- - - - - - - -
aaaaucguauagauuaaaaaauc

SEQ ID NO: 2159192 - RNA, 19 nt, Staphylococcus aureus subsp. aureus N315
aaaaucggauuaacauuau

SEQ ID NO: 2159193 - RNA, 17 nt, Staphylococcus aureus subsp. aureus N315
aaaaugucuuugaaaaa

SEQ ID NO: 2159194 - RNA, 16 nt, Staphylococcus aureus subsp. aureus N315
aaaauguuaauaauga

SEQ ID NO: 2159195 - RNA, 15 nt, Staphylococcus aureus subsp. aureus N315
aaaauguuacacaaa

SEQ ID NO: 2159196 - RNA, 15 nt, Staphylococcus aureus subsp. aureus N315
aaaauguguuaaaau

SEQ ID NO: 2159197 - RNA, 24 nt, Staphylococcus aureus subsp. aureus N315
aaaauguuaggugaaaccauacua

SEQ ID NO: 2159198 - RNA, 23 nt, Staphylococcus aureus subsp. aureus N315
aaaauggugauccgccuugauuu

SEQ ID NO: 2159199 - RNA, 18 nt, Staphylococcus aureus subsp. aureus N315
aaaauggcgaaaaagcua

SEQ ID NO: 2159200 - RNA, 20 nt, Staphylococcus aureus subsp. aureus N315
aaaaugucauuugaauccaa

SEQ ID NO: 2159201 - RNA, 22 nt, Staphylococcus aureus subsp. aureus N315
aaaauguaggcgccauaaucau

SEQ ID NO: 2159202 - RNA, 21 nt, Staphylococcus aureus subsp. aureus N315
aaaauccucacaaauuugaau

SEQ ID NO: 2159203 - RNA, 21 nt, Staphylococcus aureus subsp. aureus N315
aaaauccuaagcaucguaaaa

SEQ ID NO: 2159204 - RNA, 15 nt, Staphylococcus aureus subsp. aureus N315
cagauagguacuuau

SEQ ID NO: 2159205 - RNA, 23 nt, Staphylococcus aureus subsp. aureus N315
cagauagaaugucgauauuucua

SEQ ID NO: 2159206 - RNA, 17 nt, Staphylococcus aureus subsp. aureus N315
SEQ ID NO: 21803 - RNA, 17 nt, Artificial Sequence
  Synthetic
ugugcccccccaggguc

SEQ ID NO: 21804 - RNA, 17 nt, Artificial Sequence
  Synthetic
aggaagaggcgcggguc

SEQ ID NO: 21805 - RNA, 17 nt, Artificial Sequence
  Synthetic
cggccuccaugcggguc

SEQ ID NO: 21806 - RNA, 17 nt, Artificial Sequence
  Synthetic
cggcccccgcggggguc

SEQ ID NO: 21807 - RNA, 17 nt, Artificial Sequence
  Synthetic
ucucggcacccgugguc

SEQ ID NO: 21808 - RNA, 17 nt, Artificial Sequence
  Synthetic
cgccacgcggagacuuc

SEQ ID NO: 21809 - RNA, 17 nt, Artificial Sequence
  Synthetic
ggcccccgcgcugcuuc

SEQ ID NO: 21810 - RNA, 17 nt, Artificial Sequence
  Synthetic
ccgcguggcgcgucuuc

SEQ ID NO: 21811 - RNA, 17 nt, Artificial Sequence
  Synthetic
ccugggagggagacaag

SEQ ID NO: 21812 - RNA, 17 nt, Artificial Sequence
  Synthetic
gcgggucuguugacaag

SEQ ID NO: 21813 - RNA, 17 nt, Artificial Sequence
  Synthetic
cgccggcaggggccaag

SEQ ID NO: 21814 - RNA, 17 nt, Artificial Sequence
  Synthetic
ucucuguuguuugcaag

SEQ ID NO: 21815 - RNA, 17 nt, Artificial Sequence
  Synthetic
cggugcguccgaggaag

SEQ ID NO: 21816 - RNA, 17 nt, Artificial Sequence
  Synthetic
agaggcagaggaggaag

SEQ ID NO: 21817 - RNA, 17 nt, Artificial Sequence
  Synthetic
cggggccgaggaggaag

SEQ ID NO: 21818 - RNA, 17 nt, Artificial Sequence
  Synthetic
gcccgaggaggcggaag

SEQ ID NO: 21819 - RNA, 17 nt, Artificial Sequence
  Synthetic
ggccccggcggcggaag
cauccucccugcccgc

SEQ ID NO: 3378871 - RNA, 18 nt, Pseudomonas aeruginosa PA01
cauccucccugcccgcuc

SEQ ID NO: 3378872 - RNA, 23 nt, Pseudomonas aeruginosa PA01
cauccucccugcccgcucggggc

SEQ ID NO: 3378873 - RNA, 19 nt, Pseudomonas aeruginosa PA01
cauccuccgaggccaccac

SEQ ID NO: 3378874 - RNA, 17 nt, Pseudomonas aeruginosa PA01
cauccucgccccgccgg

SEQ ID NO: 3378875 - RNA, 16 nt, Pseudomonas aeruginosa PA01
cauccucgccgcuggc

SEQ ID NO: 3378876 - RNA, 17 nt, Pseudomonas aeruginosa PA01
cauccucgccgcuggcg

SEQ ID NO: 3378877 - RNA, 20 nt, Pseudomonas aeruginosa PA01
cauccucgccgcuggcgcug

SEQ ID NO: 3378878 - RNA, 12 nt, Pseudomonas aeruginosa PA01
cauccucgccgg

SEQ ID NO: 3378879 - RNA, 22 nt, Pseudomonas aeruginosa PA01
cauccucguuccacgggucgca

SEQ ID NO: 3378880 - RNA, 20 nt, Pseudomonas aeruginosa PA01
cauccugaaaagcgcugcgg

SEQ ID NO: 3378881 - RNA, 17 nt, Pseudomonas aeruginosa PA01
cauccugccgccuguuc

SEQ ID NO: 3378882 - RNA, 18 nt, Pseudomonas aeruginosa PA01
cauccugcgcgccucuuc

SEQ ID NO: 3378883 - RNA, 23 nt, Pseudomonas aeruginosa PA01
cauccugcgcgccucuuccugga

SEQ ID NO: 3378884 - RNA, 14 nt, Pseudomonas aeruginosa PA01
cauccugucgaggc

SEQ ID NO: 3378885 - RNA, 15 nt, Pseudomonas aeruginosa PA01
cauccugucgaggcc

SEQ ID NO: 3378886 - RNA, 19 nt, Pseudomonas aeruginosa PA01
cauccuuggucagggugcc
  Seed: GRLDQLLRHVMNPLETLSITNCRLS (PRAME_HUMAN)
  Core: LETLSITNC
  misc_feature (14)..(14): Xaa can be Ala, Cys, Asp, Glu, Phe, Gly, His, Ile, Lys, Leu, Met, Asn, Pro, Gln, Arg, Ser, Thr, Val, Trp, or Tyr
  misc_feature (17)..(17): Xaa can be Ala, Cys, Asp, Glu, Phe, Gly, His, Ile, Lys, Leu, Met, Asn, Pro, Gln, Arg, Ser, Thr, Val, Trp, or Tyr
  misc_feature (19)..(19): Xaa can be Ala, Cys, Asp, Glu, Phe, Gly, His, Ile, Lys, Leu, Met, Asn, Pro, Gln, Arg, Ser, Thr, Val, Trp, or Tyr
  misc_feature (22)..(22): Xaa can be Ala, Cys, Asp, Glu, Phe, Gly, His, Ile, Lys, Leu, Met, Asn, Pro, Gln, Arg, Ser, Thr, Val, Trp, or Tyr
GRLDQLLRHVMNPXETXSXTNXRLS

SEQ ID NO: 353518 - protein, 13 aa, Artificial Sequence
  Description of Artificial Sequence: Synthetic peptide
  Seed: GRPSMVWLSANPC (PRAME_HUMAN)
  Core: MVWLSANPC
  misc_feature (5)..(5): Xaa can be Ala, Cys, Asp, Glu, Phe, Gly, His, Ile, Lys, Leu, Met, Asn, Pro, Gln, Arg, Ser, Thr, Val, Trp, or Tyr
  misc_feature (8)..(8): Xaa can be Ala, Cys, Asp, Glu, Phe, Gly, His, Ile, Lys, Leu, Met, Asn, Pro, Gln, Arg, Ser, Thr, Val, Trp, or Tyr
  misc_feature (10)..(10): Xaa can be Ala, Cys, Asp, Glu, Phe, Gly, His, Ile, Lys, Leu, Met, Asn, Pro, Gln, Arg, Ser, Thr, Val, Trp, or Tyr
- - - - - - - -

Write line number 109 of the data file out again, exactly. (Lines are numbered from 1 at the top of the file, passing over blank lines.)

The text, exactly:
SEQ ID NO: 3378884 - RNA, 14 nt, Pseudomonas aeruginosa PA01